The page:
Florida Tangelos Are Flavorful Result of Ancient Pollination Accident

manderin oranges

Somewhere in Southeast Asia more than 3,500 years ago, a bee’s erratic flight led to the accidental pollination between a mandarin orange and a grapefruit. The result was a fruit that shared characteristics with of many of its citrus cousins but had a flavor uniquely its own. Nearly 34 centuries later, the U.S. Department of Agriculture cultivated a new tangelo hybrid in Florida in the 1930s. The Florida Tangelo is the luscious modern incarnation of that ancient Asian ancestor.

Unique citrus hybrids, Florida Tangelos have the easy-to-peel skins and well-developed sections of Florida Tangerines, the sweet juiciness of Florida Navel Oranges and the delicious tanginess of Florida grapefruit. It’s as if Mother Nature tossed the citrus gene pool in a blender and pushed pulse. The flavorful result makes Florida Tangelos a delicious choice for fall snacking. Easy sectioning and few seeds also make Florida Tangelos a favorite addition to fruit and lettuce salads.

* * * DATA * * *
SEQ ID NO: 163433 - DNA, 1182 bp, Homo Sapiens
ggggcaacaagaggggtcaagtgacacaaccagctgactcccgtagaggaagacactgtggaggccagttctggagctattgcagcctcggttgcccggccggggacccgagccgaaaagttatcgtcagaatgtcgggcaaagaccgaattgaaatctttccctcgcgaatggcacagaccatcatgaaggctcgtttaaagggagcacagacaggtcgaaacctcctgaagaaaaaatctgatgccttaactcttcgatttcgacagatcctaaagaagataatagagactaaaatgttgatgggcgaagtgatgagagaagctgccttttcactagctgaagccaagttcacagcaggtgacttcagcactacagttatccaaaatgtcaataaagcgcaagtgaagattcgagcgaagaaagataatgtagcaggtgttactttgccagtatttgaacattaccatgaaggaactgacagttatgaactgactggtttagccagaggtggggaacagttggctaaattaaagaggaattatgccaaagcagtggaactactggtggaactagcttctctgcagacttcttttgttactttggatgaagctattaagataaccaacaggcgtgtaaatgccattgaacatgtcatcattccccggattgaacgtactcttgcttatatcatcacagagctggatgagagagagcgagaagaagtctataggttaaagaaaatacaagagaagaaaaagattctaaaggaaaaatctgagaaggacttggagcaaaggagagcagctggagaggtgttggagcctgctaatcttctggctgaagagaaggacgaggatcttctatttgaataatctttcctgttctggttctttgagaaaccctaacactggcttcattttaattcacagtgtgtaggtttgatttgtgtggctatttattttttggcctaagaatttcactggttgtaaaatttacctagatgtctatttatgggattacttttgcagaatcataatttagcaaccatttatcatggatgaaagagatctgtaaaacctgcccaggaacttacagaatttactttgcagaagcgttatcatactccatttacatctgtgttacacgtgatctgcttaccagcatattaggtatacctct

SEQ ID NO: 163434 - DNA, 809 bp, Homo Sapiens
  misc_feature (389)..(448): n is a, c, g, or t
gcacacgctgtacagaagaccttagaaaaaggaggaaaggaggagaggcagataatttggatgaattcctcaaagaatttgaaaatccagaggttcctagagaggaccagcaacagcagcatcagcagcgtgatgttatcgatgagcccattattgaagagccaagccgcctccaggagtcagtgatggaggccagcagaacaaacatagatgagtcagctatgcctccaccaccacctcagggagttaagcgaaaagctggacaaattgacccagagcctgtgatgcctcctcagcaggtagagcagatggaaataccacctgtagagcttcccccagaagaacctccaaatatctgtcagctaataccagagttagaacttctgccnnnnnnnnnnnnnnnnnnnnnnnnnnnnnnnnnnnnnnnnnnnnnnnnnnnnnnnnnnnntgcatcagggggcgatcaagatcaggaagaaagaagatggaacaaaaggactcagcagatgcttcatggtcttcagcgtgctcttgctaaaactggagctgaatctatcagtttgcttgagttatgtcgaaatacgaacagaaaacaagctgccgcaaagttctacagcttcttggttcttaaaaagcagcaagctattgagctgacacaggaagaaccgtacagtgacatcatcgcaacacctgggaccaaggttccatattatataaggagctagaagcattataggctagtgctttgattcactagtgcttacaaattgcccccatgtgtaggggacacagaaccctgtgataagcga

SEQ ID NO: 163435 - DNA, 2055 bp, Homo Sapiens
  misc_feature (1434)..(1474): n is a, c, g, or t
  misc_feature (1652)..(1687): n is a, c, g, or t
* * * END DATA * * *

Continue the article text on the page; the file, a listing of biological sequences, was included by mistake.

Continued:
Only available from mid-November to December, Florida Tangelos are superior to those grown in other parts of the country. The limestone bedrock that underlies Florida’s citrus orchards produces particularly flavorful, high quality Tangelos that are prized for their bright orange color, large size, appealing sweetness and distinctive taste.

At about 60 calories, a medium-size Florida Tangelo provides 45% of the daily recommended value of vitamin C which may help prevent heart disease, hypertension, osteoarthritis and age-related macular degeneration. Packed with many other essential vitamins and minerals, fresh, ripe Florida Tangelos are also an excellent source of powerful disease-fighting antioxidants and flavonoids, making them a super health food that may help reduce the risk of chronic diseases, such as cancer, hypertension, heart disease and stroke. Florida Tangelos may be one of the lesser know members of the Florida citrus family, but they pack a healthy wallop!

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